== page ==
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3 Reasons Labels Will Say Yes To Google Music

image from janeheller.mlblogs.com Google is testing its new cloud music service as labels continue to drag their feet over licencing. Rightsholders are also talking to iTune's about a similar if more restricted service. But there are 3 factors that will force even the most stubborn music executive to say yes to Google Music:

FACT #1: They Need Google – The recorded music industry knows it needs a serious competitor to diminish iTune's dominated position, and Google is by far their best candidate.

FACT #2: Consumers Want Cloud Music Whatever the legal and financial underpinnings of rightsholder objections to music in the cloud, the consumer has already spoken. Music on YouTube is effectively a free cloud service and fans love it. People want to consume music when and where they want it.

FACT #3: Selling Music Is More Profitable Than Streaming It – Currently, consumers get "legal" access to music in more places by streaming it than they do by buying it. Cloud music storage would change that and help make music worth paying for.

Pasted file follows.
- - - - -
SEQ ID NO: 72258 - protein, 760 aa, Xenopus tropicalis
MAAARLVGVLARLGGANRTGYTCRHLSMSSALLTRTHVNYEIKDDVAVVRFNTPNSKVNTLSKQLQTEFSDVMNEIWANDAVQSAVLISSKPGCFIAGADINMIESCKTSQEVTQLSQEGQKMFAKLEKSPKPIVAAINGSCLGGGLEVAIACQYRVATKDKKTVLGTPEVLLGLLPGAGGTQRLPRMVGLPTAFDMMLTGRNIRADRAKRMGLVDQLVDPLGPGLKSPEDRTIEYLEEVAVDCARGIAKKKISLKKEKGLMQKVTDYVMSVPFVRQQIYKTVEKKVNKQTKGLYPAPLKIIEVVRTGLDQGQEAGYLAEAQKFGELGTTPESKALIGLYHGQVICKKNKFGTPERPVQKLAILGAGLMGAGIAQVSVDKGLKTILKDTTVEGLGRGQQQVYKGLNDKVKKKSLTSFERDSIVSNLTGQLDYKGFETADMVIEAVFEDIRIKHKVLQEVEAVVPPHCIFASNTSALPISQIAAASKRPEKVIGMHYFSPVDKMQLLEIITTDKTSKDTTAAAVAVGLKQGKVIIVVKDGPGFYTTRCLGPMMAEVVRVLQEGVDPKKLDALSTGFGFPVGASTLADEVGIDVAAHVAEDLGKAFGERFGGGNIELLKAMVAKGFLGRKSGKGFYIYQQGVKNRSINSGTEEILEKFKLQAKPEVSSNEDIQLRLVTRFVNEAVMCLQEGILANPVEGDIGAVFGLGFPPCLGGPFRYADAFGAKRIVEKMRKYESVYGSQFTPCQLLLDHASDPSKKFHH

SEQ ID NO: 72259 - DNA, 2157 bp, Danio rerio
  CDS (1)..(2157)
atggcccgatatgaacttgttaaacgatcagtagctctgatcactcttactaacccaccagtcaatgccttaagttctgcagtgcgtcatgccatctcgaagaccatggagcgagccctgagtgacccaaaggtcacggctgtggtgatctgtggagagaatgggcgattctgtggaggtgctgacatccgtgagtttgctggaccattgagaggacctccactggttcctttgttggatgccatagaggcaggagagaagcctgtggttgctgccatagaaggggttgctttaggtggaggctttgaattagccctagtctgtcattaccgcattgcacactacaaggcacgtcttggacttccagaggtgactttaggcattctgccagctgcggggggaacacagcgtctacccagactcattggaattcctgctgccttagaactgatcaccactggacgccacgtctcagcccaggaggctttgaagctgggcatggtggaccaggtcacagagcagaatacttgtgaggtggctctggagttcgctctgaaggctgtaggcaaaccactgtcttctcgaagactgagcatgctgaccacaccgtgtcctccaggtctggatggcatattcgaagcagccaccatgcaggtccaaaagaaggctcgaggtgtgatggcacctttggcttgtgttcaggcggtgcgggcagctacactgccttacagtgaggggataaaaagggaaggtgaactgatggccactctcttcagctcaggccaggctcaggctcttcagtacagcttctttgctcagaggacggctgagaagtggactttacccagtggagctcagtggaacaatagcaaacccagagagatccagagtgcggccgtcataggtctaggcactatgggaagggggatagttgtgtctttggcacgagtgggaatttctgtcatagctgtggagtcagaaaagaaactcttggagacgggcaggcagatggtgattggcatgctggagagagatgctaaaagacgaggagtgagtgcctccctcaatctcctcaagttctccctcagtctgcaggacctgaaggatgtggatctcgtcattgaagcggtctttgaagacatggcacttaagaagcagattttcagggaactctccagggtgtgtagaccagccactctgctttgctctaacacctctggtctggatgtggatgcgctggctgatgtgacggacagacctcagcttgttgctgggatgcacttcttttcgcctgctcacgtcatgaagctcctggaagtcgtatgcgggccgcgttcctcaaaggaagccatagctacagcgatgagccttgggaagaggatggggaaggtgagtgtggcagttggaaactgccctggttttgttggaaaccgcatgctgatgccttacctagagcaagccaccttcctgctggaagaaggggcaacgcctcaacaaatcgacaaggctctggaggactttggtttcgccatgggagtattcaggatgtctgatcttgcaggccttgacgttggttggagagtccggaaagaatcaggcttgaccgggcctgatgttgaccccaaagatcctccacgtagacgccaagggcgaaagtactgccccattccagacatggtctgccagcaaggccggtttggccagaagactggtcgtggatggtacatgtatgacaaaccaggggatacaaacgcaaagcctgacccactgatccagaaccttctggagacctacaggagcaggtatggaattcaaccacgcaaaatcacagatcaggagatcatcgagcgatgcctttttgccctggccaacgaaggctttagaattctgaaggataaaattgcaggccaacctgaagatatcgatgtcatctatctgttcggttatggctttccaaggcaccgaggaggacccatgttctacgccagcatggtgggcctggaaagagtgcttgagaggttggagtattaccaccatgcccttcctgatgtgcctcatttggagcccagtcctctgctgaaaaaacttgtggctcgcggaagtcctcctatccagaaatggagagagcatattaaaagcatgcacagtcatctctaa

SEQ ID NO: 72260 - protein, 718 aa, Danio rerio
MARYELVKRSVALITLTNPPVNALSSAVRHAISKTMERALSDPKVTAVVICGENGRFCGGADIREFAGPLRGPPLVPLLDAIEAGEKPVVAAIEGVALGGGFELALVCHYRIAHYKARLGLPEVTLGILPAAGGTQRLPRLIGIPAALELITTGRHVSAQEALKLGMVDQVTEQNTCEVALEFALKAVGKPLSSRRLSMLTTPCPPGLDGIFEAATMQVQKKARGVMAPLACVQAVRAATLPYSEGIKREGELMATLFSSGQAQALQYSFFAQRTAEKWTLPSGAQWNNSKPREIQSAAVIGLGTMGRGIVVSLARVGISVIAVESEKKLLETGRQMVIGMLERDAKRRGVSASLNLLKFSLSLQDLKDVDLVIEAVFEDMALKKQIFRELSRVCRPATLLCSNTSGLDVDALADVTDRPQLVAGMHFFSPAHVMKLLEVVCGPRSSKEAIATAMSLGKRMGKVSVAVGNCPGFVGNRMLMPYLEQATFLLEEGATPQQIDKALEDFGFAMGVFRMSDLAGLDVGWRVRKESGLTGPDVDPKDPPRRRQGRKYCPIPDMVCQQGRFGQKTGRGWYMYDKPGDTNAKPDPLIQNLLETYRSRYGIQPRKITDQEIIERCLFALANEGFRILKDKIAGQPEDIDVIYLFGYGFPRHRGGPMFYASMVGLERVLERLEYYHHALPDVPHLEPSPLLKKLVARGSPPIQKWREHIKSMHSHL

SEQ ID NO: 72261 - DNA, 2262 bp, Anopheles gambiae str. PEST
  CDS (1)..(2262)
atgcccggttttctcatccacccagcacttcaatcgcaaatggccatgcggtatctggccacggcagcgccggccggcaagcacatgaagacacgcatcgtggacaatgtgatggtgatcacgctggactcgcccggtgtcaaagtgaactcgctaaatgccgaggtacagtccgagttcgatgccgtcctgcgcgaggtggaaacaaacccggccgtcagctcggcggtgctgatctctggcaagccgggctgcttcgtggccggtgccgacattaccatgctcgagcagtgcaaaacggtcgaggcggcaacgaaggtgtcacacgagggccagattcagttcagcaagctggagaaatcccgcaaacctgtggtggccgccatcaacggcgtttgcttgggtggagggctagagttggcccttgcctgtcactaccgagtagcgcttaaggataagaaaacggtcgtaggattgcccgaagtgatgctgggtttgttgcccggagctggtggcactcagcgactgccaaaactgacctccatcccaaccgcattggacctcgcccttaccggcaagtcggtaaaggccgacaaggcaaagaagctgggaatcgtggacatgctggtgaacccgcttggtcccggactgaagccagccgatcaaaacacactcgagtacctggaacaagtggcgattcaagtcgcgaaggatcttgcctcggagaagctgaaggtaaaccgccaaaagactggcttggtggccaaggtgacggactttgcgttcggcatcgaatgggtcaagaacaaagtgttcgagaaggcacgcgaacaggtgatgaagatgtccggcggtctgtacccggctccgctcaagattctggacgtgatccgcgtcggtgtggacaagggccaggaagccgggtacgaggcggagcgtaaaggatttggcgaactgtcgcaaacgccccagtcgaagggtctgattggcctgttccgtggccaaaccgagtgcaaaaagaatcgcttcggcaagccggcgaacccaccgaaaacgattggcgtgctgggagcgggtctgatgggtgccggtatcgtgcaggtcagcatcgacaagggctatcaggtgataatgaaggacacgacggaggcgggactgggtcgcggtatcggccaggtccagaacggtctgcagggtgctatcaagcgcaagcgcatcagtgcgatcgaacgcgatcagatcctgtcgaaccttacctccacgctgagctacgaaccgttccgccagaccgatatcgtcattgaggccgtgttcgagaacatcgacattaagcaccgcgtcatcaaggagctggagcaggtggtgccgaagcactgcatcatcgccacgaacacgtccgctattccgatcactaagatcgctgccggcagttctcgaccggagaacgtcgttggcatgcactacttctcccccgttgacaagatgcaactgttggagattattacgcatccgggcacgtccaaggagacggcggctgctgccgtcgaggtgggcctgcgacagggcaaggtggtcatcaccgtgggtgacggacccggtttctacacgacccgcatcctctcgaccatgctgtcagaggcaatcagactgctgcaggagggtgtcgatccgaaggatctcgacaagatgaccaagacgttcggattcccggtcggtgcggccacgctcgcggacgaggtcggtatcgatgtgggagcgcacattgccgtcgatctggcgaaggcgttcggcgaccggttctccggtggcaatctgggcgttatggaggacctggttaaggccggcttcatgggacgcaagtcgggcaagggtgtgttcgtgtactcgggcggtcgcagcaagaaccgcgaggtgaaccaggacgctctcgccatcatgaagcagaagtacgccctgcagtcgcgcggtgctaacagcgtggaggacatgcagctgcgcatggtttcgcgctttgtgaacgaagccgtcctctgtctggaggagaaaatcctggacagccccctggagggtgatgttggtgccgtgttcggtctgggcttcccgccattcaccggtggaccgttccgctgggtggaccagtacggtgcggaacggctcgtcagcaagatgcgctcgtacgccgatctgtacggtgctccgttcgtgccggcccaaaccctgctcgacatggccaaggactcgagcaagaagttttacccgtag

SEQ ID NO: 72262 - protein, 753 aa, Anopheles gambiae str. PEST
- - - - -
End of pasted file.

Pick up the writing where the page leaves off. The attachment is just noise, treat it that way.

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4 Comments

  1. Bruce, I agree with everything you said, but you act as if the labels use logic in their decisions. The last 15 or so years has proven the contrary.
    It’s a good thing Google has a lot of cash, they’re gonna need it to make this happen.

  2. I’m suspicious of the assumption that the value placed on ownership is going to trump on-demand streaming from the consumer’s point of view. Netflix is proving that if the service is amazing and dependable, a lot of people don’t care about ownership. I think the cat is out of the bag in regards to streaming. If Google music launches, it’s not a given that it will substantially decrease music streaming on YouTube.

  3. The people that labels (and Google) feel will use a pay-for-use cloud-based service are the same people who have already learned how to (and are comfortable with) torrent sites and free (illegal) downloading.
    Kinda like advertising DirectTV to people in neighborhoods who have been splicing cable wires for years. Too little too late I think.

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